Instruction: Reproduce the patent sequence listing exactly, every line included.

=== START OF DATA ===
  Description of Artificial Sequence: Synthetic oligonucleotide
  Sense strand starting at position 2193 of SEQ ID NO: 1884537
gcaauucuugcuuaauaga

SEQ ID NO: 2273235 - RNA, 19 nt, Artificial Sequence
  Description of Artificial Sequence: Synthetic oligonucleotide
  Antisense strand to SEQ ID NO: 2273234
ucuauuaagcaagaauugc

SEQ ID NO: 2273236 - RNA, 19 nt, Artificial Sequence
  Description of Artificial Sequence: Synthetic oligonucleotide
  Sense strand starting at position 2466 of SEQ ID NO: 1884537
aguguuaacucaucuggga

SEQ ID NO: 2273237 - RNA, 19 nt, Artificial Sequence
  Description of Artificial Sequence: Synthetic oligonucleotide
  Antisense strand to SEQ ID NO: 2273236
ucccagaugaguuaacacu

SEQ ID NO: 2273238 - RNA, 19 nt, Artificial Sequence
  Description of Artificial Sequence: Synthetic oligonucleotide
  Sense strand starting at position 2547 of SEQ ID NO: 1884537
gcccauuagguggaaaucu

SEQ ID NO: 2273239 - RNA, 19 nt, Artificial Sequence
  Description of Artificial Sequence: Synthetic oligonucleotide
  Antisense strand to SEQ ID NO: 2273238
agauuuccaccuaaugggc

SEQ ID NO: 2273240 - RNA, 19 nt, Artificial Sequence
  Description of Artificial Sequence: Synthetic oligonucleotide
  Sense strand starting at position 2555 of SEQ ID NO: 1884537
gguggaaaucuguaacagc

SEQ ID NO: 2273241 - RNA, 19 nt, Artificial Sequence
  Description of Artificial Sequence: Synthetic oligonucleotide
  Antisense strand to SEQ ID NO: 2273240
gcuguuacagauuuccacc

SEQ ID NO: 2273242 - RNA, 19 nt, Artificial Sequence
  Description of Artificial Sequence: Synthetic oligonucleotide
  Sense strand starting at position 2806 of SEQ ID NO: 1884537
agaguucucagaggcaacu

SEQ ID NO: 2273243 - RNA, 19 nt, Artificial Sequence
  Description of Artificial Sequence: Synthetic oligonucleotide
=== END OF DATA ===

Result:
  Description of Artificial Sequence: Synthetic oligonucleotide
  Sense strand starting at position 2193 of SEQ ID NO: 1884537
gcaauucuugcuuaauaga

SEQ ID NO: 2273235 - RNA, 19 nt, Artificial Sequence
  Description of Artificial Sequence: Synthetic oligonucleotide
  Antisense strand to SEQ ID NO: 2273234
ucuauuaagcaagaauugc

SEQ ID NO: 2273236 - RNA, 19 nt, Artificial Sequence
  Description of Artificial Sequence: Synthetic oligonucleotide
  Sense strand starting at position 2466 of SEQ ID NO: 1884537
aguguuaacucaucuggga

SEQ ID NO: 2273237 - RNA, 19 nt, Artificial Sequence
  Description of Artificial Sequence: Synthetic oligonucleotide
  Antisense strand to SEQ ID NO: 2273236
ucccagaugaguuaacacu

SEQ ID NO: 2273238 - RNA, 19 nt, Artificial Sequence
  Description of Artificial Sequence: Synthetic oligonucleotide
  Sense strand starting at position 2547 of SEQ ID NO: 1884537
gcccauuagguggaaaucu

SEQ ID NO: 2273239 - RNA, 19 nt, Artificial Sequence
  Description of Artificial Sequence: Synthetic oligonucleotide
  Antisense strand to SEQ ID NO: 2273238
agauuuccaccuaaugggc

SEQ ID NO: 2273240 - RNA, 19 nt, Artificial Sequence
  Description of Artificial Sequence: Synthetic oligonucleotide
  Sense strand starting at position 2555 of SEQ ID NO: 1884537
gguggaaaucuguaacagc

SEQ ID NO: 2273241 - RNA, 19 nt, Artificial Sequence
  Description of Artificial Sequence: Synthetic oligonucleotide
  Antisense strand to SEQ ID NO: 2273240
gcuguuacagauuuccacc

SEQ ID NO: 2273242 - RNA, 19 nt, Artificial Sequence
  Description of Artificial Sequence: Synthetic oligonucleotide
  Sense strand starting at position 2806 of SEQ ID NO: 1884537
agaguucucagaggcaacu

SEQ ID NO: 2273243 - RNA, 19 nt, Artificial Sequence
  Description of Artificial Sequence: Synthetic oligonucleotide